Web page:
CLEVELAND — The Class Clown Comedy workshop has been teaching kids how to stand up and stand out in front of a crowd for six years.
What You Need To Know
- The Class Clown Comedy workshop has been teaching kids how to stand-up and stand out in front of a crowd for six years
- Classes allow kids and teens to shed light on the coronavirus and other serious issues they experience from their own perspective
- The Class Clown Comedy workshop received a $1,000 grant from Cuyahoga Arts and Culture, the grant has helped make it possible for the workshop to continue during the pandemic
“They learn the basics of stand-up comedy you know, how to, like, all the way from how to adjust a microphone to writing a set up and punch line, and you know working a stage and all sorts of different things,” said Steve Guy, executive director of the Cleveland Comedy Festival.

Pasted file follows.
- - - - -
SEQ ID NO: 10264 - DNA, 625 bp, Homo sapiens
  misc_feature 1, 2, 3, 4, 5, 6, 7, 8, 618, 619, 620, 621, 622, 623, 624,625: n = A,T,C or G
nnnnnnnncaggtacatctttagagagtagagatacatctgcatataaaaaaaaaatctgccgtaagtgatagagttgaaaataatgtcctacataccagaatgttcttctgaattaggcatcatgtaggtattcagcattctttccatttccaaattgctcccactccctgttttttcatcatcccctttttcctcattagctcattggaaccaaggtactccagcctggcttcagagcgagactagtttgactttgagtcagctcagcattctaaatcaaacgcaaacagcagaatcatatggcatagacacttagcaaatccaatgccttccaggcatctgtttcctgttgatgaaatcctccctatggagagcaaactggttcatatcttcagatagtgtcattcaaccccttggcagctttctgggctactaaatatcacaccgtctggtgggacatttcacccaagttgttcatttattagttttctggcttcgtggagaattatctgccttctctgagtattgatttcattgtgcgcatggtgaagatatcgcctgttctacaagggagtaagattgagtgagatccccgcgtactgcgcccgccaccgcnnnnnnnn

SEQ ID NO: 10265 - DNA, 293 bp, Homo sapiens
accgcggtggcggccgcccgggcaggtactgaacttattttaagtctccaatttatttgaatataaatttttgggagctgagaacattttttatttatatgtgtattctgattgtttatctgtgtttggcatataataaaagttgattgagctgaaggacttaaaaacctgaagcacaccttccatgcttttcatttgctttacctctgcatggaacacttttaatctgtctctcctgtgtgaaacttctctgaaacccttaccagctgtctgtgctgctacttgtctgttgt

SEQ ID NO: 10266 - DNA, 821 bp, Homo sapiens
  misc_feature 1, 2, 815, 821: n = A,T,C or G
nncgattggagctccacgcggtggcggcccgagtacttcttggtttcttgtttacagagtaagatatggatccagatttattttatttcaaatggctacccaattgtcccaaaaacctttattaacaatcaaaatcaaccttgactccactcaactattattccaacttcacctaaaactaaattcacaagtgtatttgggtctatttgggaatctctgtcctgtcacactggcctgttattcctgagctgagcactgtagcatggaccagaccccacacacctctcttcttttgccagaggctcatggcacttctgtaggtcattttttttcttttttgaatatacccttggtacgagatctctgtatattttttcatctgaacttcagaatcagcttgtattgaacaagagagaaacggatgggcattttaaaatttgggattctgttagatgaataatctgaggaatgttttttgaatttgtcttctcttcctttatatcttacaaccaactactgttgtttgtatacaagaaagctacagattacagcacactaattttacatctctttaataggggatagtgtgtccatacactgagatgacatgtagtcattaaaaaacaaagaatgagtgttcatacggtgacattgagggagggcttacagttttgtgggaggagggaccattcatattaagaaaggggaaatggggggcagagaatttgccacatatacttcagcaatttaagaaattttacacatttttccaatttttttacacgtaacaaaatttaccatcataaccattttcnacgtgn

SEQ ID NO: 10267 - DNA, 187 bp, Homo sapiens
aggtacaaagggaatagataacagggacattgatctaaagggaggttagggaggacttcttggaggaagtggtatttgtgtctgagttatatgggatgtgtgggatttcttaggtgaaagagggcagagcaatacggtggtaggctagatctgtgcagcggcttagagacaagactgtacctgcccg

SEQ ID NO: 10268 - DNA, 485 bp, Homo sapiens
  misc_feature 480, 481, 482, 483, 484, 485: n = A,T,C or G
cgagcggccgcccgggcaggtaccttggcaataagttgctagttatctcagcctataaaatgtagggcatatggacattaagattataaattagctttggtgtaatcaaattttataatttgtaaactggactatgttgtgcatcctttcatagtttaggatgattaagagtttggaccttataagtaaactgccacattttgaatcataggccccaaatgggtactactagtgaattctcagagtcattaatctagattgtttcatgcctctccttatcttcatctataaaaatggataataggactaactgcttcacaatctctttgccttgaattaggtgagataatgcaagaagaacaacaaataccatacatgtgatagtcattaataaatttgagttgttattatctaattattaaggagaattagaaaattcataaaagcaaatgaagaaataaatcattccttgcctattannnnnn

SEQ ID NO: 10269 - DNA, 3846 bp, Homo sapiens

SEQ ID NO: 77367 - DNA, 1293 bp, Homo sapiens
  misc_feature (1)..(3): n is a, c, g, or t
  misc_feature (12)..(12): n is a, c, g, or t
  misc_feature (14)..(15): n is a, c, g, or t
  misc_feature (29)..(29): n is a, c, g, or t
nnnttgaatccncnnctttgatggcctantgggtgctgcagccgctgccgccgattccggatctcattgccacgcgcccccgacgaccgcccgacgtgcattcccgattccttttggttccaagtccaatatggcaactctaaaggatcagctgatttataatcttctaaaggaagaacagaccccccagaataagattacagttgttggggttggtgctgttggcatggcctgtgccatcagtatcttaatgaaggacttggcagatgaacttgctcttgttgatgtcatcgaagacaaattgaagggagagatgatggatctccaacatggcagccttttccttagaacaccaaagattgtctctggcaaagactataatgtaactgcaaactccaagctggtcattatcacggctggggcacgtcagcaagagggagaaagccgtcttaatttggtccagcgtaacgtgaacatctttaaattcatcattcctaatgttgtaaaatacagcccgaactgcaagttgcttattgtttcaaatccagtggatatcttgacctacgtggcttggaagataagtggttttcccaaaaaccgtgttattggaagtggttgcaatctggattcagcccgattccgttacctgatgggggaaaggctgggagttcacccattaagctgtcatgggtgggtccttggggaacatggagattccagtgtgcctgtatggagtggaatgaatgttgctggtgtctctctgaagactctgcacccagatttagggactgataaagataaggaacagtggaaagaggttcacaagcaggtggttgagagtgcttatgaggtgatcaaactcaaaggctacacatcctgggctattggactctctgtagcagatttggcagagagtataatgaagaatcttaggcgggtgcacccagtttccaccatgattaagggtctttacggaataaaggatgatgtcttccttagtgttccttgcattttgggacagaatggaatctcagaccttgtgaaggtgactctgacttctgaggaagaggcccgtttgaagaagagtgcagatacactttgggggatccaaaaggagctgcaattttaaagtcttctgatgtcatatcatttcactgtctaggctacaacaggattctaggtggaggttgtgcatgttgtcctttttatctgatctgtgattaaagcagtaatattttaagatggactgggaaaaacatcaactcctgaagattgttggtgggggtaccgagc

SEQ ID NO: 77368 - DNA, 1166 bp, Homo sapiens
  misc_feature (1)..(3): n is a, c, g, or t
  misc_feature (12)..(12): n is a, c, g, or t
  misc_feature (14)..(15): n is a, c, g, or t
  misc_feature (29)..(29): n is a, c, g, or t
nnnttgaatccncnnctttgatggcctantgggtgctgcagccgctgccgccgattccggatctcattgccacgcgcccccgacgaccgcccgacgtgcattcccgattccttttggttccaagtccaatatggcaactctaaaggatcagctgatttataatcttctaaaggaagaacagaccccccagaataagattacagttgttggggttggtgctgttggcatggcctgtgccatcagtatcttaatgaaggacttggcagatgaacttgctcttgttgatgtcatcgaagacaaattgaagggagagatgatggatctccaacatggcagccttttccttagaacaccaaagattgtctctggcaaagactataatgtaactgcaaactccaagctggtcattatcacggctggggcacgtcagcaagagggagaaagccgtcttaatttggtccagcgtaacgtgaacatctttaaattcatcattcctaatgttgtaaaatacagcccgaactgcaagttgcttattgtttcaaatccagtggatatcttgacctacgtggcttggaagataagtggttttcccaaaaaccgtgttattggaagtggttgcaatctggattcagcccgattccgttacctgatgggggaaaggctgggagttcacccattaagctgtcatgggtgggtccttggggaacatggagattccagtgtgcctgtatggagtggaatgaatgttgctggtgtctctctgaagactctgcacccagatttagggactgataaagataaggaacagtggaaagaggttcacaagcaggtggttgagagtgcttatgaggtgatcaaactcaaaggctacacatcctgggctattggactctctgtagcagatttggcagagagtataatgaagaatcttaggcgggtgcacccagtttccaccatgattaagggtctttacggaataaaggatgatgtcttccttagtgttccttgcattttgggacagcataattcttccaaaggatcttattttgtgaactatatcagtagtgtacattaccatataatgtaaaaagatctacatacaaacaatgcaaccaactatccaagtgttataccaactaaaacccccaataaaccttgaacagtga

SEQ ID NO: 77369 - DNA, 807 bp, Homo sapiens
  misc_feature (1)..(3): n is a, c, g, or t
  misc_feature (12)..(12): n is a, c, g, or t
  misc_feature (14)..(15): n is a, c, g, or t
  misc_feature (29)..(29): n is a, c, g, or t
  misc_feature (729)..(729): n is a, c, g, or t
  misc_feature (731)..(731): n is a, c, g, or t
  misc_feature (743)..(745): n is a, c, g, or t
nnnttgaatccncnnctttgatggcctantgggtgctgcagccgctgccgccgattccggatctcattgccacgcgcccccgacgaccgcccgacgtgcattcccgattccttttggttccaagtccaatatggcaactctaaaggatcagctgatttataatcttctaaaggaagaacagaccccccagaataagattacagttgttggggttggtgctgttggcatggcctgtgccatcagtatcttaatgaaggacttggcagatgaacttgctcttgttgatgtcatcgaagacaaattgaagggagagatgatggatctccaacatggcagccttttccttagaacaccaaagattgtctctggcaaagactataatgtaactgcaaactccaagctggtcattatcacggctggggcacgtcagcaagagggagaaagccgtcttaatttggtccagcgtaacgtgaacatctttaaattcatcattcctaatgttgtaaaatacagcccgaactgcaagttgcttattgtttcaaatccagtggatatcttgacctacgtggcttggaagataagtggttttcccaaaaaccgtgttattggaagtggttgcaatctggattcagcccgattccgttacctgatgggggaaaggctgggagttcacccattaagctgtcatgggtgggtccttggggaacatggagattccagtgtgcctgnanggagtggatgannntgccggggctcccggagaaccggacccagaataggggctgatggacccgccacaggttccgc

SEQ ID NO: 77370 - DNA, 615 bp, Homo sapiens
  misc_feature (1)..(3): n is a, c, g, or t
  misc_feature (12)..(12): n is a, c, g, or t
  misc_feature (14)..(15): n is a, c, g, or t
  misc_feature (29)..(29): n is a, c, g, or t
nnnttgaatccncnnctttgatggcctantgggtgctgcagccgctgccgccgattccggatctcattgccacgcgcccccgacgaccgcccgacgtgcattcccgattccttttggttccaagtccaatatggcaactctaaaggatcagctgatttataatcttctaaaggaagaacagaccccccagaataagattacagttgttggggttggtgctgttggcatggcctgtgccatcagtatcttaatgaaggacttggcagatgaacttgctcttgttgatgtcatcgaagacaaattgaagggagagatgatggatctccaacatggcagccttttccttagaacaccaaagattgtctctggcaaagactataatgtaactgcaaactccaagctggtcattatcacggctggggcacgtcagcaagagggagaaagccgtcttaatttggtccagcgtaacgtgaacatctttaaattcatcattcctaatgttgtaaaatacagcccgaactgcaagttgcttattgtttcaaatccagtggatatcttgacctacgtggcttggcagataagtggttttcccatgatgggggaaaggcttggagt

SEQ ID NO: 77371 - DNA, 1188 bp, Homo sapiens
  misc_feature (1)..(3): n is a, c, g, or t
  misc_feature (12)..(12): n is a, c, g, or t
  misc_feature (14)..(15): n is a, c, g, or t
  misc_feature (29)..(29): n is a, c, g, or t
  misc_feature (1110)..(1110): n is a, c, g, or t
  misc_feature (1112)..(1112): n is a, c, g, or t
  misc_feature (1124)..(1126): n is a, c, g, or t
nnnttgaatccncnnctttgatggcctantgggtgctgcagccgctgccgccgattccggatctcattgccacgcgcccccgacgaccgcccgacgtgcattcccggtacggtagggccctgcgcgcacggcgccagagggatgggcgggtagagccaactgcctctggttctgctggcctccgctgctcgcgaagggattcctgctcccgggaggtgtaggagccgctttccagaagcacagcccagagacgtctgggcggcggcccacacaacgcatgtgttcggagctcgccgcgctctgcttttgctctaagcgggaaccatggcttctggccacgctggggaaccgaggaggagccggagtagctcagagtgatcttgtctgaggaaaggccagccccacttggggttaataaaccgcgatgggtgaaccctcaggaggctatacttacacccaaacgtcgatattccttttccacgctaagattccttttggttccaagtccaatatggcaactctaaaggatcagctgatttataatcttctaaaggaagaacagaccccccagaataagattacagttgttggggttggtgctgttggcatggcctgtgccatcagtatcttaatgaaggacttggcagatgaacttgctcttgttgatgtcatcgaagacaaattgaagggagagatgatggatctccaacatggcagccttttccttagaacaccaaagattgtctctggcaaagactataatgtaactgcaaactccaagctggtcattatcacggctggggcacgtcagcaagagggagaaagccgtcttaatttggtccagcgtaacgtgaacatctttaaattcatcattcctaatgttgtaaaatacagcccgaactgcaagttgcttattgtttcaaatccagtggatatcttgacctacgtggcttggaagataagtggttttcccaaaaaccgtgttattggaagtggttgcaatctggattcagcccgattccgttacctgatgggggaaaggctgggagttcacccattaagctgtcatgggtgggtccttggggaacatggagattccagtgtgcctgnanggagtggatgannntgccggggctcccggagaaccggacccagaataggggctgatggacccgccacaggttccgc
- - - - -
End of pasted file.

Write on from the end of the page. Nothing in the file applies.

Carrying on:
But this year, like many other things, it’s gone virtually due to coronavirus restrictions. Guy said it was important for the Class Clown Comedy Workshop to continue to give kids an outlet during this pandemic.
“Kids, who maybe feel like they don't get the opportunity to get heard, and what better way to be heard than with a microphone in your hand right,” Guy said.
Cait Hogan is the director of the Class Clown Comedy workshop, and said the weekly classes allow kids and teens to shed light on the coronavirus and other serious issues they experience, from their own perspective.
“If they wanted to talk about things they're going through them. I mean, there are kids who are sexually assaulted, there are kids who experience racism, there are kids who experience sexism, transphobia,” Hogan said. “You know any kind of trauma, kids are going through it and then they're going to school, so they need an outlet.”
Hogan said the shared experiences brought on by the coronavirus pandemic have made comedy more relatable and inclusive to voices young and old.
“Yes, you deserve a voice you deserve a space and when we come to during a pandemic , where now comedy is shifting. No one's getting left out,” Hogan said.